Connect with us

Politics & Security

EDITORIAL | Xi Jinping in Europe Spotlights Self-Centered Diplomacy

Xi Jinping embarked on this tour blind to Europe's concern about his hardball tactics and the flood of cheap Chinese imports.



Hungarian Prime Minister Viktor Orban welcomes Chinese President Xi Jinping at the Buda Castle in Budapest, Hungary, May 9, 2024. (Courtesy of PM Office/Vivien Cher Benko/Handout via Reuters)

Chinese President Xi Jinping recently paid official visits to France, Serbia and Hungary. This trip may have ended up demonstrating the limits of China's self-centered diplomacy. 

Xi undoubtedly was seeking to strengthen economic ties with Europe, hoping to help the Chinese economy escape its domestic slump. Moreover, he wanted to draw Europe closer to Beijing in order to break out from the American-led circle of containment. 

However, economic issues with Europe remained unresolved. Furthermore, there was no meeting of the minds concerning the Russian invasion of Ukraine. Xi would do well to realize that he came up short as far as realizing his goals. 

EU European Commission President von der Leyen, Chinese President Xi Jinping, and French President Macron meet at the Elysée Palace in Paris on May 6. (@Xinhua News Agency/Kyodo News)

Xi's Blind Spot

As Xi's China remains at loggerheads with the United States, developing its trade and economic ties with Europe is critical. Nevertheless, Europeans are increasingly wary as China continues to use hardball tactics, including economic coercion in dealing with other countries. 

One issue is that Europe has reacted strongly to a flood of cheap Chinese imports. These are the result of overproduction based on mammoth subsidies from Beijing.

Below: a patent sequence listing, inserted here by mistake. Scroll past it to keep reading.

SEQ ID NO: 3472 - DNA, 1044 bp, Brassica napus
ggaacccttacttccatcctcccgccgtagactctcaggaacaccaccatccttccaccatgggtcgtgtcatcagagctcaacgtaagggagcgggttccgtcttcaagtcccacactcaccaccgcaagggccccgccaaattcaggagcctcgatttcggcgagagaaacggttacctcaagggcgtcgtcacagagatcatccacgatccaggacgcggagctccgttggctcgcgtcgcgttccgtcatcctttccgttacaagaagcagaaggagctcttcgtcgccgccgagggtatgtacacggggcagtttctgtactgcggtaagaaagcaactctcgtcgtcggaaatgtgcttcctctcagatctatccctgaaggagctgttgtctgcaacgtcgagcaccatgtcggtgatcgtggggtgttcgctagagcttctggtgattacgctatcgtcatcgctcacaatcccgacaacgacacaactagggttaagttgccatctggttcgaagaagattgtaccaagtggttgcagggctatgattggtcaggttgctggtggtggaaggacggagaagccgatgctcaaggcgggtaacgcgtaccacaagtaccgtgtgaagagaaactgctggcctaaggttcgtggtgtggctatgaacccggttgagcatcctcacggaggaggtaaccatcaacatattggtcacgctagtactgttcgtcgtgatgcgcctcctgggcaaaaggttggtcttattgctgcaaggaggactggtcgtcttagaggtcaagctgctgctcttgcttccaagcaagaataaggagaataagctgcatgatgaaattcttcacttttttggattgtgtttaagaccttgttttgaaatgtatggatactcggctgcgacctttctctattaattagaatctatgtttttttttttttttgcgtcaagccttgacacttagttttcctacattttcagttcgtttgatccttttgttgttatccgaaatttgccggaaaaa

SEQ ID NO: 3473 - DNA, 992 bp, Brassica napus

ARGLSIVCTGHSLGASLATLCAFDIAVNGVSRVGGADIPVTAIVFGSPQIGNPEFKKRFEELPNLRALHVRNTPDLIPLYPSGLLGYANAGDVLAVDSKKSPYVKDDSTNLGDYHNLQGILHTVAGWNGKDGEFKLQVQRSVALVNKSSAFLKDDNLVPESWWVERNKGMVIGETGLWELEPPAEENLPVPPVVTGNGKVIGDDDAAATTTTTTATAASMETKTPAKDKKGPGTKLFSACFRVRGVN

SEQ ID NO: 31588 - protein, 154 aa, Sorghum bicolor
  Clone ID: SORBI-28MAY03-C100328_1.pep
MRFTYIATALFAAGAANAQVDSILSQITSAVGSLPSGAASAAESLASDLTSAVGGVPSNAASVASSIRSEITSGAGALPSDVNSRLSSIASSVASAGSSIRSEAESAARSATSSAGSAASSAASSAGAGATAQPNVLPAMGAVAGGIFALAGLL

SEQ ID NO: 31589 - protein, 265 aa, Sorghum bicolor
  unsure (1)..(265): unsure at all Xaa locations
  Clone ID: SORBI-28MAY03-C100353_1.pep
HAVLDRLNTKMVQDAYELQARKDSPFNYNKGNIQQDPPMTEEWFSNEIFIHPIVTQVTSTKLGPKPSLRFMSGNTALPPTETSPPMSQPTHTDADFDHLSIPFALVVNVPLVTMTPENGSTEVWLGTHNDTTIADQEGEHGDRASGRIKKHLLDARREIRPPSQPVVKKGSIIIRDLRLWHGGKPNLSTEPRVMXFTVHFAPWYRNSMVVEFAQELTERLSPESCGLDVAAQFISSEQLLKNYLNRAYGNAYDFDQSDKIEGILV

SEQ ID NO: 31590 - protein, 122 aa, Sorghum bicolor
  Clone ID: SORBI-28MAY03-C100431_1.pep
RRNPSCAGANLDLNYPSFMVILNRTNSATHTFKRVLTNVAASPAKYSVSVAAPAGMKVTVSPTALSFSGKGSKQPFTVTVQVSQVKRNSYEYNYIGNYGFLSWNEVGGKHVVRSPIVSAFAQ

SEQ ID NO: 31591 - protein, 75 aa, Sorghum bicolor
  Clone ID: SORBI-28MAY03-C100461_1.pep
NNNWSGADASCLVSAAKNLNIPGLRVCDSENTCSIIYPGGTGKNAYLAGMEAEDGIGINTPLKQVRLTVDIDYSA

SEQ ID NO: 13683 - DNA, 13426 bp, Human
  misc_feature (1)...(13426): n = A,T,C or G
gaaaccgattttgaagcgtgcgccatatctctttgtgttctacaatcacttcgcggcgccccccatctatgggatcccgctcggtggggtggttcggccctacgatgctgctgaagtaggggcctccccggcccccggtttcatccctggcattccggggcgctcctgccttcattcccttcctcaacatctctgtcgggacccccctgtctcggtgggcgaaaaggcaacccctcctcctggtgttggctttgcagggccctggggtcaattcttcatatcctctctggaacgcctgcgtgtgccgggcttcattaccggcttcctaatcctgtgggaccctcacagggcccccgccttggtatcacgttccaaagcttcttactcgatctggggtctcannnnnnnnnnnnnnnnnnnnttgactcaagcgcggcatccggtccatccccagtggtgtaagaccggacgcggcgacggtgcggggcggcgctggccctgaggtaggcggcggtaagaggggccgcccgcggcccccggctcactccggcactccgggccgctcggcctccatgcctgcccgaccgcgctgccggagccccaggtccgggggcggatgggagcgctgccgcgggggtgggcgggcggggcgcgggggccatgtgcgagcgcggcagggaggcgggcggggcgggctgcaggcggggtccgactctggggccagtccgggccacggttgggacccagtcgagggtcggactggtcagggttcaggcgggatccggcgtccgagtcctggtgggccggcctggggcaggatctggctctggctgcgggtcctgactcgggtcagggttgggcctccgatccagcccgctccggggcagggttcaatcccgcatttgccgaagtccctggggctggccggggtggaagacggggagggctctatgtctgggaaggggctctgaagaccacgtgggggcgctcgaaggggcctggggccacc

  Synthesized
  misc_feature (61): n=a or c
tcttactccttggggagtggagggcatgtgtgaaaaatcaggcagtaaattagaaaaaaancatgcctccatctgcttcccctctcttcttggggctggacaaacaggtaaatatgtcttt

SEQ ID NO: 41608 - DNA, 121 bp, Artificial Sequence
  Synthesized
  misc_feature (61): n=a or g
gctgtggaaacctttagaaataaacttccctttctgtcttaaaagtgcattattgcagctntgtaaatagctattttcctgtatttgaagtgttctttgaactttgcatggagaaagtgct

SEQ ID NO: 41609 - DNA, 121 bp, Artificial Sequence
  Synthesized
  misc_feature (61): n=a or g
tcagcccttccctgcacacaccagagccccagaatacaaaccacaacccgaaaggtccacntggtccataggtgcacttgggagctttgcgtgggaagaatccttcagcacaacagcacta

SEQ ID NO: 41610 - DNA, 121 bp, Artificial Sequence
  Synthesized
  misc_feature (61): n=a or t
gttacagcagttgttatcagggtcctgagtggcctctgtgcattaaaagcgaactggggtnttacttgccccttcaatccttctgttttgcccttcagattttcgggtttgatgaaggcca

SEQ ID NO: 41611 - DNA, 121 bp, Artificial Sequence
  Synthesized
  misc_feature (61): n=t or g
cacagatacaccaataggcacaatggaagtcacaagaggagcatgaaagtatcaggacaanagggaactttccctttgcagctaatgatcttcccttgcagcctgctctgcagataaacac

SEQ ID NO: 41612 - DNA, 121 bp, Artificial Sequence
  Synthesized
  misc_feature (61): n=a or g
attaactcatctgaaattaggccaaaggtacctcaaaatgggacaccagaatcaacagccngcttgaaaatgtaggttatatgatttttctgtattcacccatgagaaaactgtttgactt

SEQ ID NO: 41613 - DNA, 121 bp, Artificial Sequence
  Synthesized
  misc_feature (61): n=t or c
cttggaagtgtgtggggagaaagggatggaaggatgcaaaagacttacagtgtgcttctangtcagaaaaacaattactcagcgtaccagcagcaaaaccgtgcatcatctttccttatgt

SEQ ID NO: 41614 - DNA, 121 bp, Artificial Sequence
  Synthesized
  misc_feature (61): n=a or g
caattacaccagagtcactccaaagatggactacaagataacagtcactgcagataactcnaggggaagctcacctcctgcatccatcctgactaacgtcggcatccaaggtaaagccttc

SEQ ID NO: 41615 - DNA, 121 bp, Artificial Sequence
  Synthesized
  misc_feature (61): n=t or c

European leaders pleaded with Xi to do something to stem the flow. Nevertheless, Xi staunchly rejected the very idea that there was a problem, putting off the possibility of any solution. That left European Commission President Ursula von der Leyen adopting the position that Europe would be willing to take countermeasures if no progress is achieved. 

People visit graves of their relatives, killed Ukrainian defenders, on the day of the second anniversary of Russia's attack on Ukraine, in the town of Bucha, outside Kyiv, Ukraine February 24, 2024. (@Reuters/Gleb Garanich)

Looming Large: Ukraine

The Chinese and European sides also left the impression that they had failed to bridge the deep gulf separating them regarding Ukraine. Following his summit meeting with Xi, French President Emmanuel Macron told a joint press conference that Xi had reiterated an earlier commitment of "not selling weapons in any form to Russia and strictly controlling the export of material that could in any way be used for military purposes." 

For his part, Xi replied that China is not a participant in the conflict. Then he added that China also "opposes using the Ukraine crisis to defame a third party and provoke a new Cold War." 

Chinese President Xi Jinping arrives in Serbia's capital Belgrade and is greeted by President Vučić on May 7. (@Xinhua News Agency/Kyodo News)

Limits of Europe for Xi's Charms

The list of countries Xi chose to visit in Europe highlighted the limits of Chinese diplomacy. 

France, which prides itself on maintaining a diplomacy distinct from that of the United States, was the only major European country he visited. He did not visit the United Kingdom, Germany or even Italy, which currently holds the G7 presidency. 


German Chancellor Olaf Scholz had just visited Beijing in April. His trip, however, did not appear to herald any improvement in bilateral relations. In fact, immediately after his return home, the Office of the Federal Prosecutor charged a staff member of the European Parliament with espionage for allegedly providing Chinese intelligence agencies with sensitive information about the European Parliament. 

Serbia  and Hungary are both eager to cultivate closer ties with China. But in general distrust of China runs deep in Europe. Japan, directly faced with the China threat, should also take this into account and seek greater cooperation with Europe. 


(Read the editorial in Japanese.)

Author: Editorial Board, The Sankei Shimbun